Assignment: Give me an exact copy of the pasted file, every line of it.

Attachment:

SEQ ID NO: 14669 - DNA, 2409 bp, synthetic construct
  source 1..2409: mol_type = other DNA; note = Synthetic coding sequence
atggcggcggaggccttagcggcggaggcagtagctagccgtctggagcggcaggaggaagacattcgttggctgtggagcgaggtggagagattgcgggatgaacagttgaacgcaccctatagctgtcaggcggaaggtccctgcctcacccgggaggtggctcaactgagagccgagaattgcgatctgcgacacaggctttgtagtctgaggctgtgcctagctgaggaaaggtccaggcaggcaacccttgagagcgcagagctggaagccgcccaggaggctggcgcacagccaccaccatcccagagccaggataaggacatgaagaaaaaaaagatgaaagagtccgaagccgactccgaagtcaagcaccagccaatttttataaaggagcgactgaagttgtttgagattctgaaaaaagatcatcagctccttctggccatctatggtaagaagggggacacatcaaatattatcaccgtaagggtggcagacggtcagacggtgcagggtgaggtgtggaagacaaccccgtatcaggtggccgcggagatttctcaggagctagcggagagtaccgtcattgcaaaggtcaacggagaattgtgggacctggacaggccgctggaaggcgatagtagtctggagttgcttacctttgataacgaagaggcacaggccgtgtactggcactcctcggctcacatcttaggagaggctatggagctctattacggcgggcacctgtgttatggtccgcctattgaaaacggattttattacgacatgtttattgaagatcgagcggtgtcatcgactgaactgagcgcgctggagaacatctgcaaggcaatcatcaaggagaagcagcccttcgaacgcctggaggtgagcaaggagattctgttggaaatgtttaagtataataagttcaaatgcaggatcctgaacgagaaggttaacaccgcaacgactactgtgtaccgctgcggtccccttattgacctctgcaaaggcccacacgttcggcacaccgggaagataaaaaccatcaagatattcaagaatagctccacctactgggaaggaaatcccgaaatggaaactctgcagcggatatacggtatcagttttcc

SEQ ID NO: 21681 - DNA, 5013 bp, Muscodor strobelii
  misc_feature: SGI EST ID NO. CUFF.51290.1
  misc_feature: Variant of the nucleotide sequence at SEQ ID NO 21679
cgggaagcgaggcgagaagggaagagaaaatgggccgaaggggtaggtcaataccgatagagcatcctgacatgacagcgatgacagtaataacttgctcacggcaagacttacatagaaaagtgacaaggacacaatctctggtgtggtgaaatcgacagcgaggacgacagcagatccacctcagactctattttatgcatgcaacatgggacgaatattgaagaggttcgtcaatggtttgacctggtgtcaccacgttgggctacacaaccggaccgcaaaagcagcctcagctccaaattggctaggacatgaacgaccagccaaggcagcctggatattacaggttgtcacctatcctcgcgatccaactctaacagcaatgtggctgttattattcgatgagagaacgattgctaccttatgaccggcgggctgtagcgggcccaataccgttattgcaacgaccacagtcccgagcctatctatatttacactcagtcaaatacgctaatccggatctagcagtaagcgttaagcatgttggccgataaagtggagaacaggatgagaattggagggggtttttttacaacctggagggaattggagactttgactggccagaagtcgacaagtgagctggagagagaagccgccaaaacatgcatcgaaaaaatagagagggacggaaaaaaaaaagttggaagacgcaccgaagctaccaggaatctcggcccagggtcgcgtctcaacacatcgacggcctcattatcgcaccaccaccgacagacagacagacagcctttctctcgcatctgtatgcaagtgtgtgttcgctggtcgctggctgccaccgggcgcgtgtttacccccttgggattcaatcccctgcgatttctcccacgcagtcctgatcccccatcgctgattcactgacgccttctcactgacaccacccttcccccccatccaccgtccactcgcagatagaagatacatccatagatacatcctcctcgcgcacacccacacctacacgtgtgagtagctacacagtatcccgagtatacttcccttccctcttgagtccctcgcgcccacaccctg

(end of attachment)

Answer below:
SEQ ID NO: 14669 - DNA, 2409 bp, synthetic construct
  source 1..2409: mol_type = other DNA; note = Synthetic coding sequence
atggcggcggaggccttagcggcggaggcagtagctagccgtctggagcggcaggaggaagacattcgttggctgtggagcgaggtggagagattgcgggatgaacagttgaacgcaccctatagctgtcaggcggaaggtccctgcctcacccgggaggtggctcaactgagagccgagaattgcgatctgcgacacaggctttgtagtctgaggctgtgcctagctgaggaaaggtccaggcaggcaacccttgagagcgcagagctggaagccgcccaggaggctggcgcacagccaccaccatcccagagccaggataaggacatgaagaaaaaaaagatgaaagagtccgaagccgactccgaagtcaagcaccagccaatttttataaaggagcgactgaagttgtttgagattctgaaaaaagatcatcagctccttctggccatctatggtaagaagggggacacatcaaatattatcaccgtaagggtggcagacggtcagacggtgcagggtgaggtgtggaagacaaccccgtatcaggtggccgcggagatttctcaggagctagcggagagtaccgtcattgcaaaggtcaacggagaattgtgggacctggacaggccgctggaaggcgatagtagtctggagttgcttacctttgataacgaagaggcacaggccgtgtactggcactcctcggctcacatcttaggagaggctatggagctctattacggcgggcacctgtgttatggtccgcctattgaaaacggattttattacgacatgtttattgaagatcgagcggtgtcatcgactgaactgagcgcgctggagaacatctgcaaggcaatcatcaaggagaagcagcccttcgaacgcctggaggtgagcaaggagattctgttggaaatgtttaagtataataagttcaaatgcaggatcctgaacgagaaggttaacaccgcaacgactactgtgtaccgctgcggtccccttattgacctctgcaaaggcccacacgttcggcacaccgggaagataaaaaccatcaagatattcaagaatagctccacctactgggaaggaaatcccgaaatggaaactctgcagcggatatacggtatcagttttcc

SEQ ID NO: 21681 - DNA, 5013 bp, Muscodor strobelii
  misc_feature: SGI EST ID NO. CUFF.51290.1
  misc_feature: Variant of the nucleotide sequence at SEQ ID NO 21679
cgggaagcgaggcgagaagggaagagaaaatgggccgaaggggtaggtcaataccgatagagcatcctgacatgacagcgatgacagtaataacttgctcacggcaagacttacatagaaaagtgacaaggacacaatctctggtgtggtgaaatcgacagcgaggacgacagcagatccacctcagactctattttatgcatgcaacatgggacgaatattgaagaggttcgtcaatggtttgacctggtgtcaccacgttgggctacacaaccggaccgcaaaagcagcctcagctccaaattggctaggacatgaacgaccagccaaggcagcctggatattacaggttgtcacctatcctcgcgatccaactctaacagcaatgtggctgttattattcgatgagagaacgattgctaccttatgaccggcgggctgtagcgggcccaataccgttattgcaacgaccacagtcccgagcctatctatatttacactcagtcaaatacgctaatccggatctagcagtaagcgttaagcatgttggccgataaagtggagaacaggatgagaattggagggggtttttttacaacctggagggaattggagactttgactggccagaagtcgacaagtgagctggagagagaagccgccaaaacatgcatcgaaaaaatagagagggacggaaaaaaaaaagttggaagacgcaccgaagctaccaggaatctcggcccagggtcgcgtctcaacacatcgacggcctcattatcgcaccaccaccgacagacagacagacagcctttctctcgcatctgtatgcaagtgtgtgttcgctggtcgctggctgccaccgggcgcgtgtttacccccttgggattcaatcccctgcgatttctcccacgcagtcctgatcccccatcgctgattcactgacgccttctcactgacaccacccttcccccccatccaccgtccactcgcagatagaagatacatccatagatacatcctcctcgcgcacacccacacctacacgtgtgagtagctacacagtatcccgagtatacttcccttccctcttgagtccctcgcgcccacaccctg